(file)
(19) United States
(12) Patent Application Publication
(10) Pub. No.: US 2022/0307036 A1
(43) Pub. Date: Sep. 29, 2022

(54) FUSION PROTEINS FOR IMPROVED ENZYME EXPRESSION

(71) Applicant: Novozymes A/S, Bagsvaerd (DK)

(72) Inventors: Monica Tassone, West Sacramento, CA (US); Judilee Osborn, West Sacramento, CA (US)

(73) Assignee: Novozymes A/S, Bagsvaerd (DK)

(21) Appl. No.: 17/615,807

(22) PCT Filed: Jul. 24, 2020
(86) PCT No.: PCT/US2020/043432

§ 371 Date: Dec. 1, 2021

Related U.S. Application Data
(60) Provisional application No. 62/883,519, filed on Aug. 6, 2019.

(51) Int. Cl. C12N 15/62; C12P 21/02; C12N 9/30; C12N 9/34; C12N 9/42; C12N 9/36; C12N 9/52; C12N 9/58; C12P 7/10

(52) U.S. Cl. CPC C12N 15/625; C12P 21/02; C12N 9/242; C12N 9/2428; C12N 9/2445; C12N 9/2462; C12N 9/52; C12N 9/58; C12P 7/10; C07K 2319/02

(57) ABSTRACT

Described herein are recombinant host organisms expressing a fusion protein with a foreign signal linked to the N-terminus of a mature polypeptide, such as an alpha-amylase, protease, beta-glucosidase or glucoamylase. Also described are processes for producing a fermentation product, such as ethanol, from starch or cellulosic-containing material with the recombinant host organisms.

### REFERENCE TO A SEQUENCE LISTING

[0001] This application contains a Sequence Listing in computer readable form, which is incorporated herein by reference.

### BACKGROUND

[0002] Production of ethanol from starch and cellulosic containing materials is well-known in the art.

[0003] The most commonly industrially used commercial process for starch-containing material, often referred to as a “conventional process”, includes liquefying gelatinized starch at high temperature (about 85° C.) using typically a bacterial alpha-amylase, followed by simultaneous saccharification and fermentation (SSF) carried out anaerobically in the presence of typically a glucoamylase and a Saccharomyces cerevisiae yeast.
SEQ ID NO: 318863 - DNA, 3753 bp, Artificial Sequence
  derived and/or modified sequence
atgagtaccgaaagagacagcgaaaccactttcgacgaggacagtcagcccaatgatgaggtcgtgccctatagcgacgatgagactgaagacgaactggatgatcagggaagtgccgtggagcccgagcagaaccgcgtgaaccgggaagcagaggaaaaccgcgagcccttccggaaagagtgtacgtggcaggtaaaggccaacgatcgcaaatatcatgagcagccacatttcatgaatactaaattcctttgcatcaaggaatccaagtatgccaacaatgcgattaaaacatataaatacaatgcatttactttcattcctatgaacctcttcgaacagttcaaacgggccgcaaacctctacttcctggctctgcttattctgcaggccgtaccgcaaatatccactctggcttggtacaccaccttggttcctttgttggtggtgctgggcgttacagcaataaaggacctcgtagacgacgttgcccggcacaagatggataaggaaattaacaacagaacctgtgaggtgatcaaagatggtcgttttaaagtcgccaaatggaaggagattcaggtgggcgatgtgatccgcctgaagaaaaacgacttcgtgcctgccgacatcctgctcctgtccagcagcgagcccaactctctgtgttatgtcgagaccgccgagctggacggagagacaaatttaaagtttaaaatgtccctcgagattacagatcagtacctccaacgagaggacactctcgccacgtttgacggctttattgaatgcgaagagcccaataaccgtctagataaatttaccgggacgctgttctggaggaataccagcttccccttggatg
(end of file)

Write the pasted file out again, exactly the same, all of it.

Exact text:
(19) United States
(12) Patent Application Publication
(10) Pub. No.: US 2022/0307036 A1
(43) Pub. Date: Sep. 29, 2022

(54) FUSION PROTEINS FOR IMPROVED ENZYME EXPRESSION

(71) Applicant: Novozymes A/S, Bagsvaerd (DK)

(72) Inventors: Monica Tassone, West Sacramento, CA (US); Judilee Osborn, West Sacramento, CA (US)

(73) Assignee: Novozymes A/S, Bagsvaerd (DK)

(21) Appl. No.: 17/615,807

(22) PCT Filed: Jul. 24, 2020
(86) PCT No.: PCT/US2020/043432

§ 371 Date: Dec. 1, 2021

Related U.S. Application Data
(60) Provisional application No. 62/883,519, filed on Aug. 6, 2019.

(51) Int. Cl. C12N 15/62; C12P 21/02; C12N 9/30; C12N 9/34; C12N 9/42; C12N 9/36; C12N 9/52; C12N 9/58; C12P 7/10

(52) U.S. Cl. CPC C12N 15/625; C12P 21/02; C12N 9/242; C12N 9/2428; C12N 9/2445; C12N 9/2462; C12N 9/52; C12N 9/58; C12P 7/10; C07K 2319/02

(57) ABSTRACT

Described herein are recombinant host organisms expressing a fusion protein with a foreign signal linked to the N-terminus of a mature polypeptide, such as an alpha-amylase, protease, beta-glucosidase or glucoamylase. Also described are processes for producing a fermentation product, such as ethanol, from starch or cellulosic-containing material with the recombinant host organisms.

### REFERENCE TO A SEQUENCE LISTING

[0001] This application contains a Sequence Listing in computer readable form, which is incorporated herein by reference.

### BACKGROUND

[0002] Production of ethanol from starch and cellulosic containing materials is well-known in the art.

[0003] The most commonly industrially used commercial process for starch-containing material, often referred to as a “conventional process”, includes liquefying gelatinized starch at high temperature (about 85° C.) using typically a bacterial alpha-amylase, followed by simultaneous saccharification and fermentation (SSF) carried out anaerobically in the presence of typically a glucoamylase and a Saccharomyces cerevisiae yeast.
SEQ ID NO: 318863 - DNA, 3753 bp, Artificial Sequence
  derived and/or modified sequence
atgagtaccgaaagagacagcgaaaccactttcgacgaggacagtcagcccaatgatgaggtcgtgccctatagcgacgatgagactgaagacgaactggatgatcagggaagtgccgtggagcccgagcagaaccgcgtgaaccgggaagcagaggaaaaccgcgagcccttccggaaagagtgtacgtggcaggtaaaggccaacgatcgcaaatatcatgagcagccacatttcatgaatactaaattcctttgcatcaaggaatccaagtatgccaacaatgcgattaaaacatataaatacaatgcatttactttcattcctatgaacctcttcgaacagttcaaacgggccgcaaacctctacttcctggctctgcttattctgcaggccgtaccgcaaatatccactctggcttggtacaccaccttggttcctttgttggtggtgctgggcgttacagcaataaaggacctcgtagacgacgttgcccggcacaagatggataaggaaattaacaacagaacctgtgaggtgatcaaagatggtcgttttaaagtcgccaaatggaaggagattcaggtgggcgatgtgatccgcctgaagaaaaacgacttcgtgcctgccgacatcctgctcctgtccagcagcgagcccaactctctgtgttatgtcgagaccgccgagctggacggagagacaaatttaaagtttaaaatgtccctcgagattacagatcagtacctccaacgagaggacactctcgccacgtttgacggctttattgaatgcgaagagcccaataaccgtctagataaatttaccgggacgctgttctggaggaataccagcttccccttggatg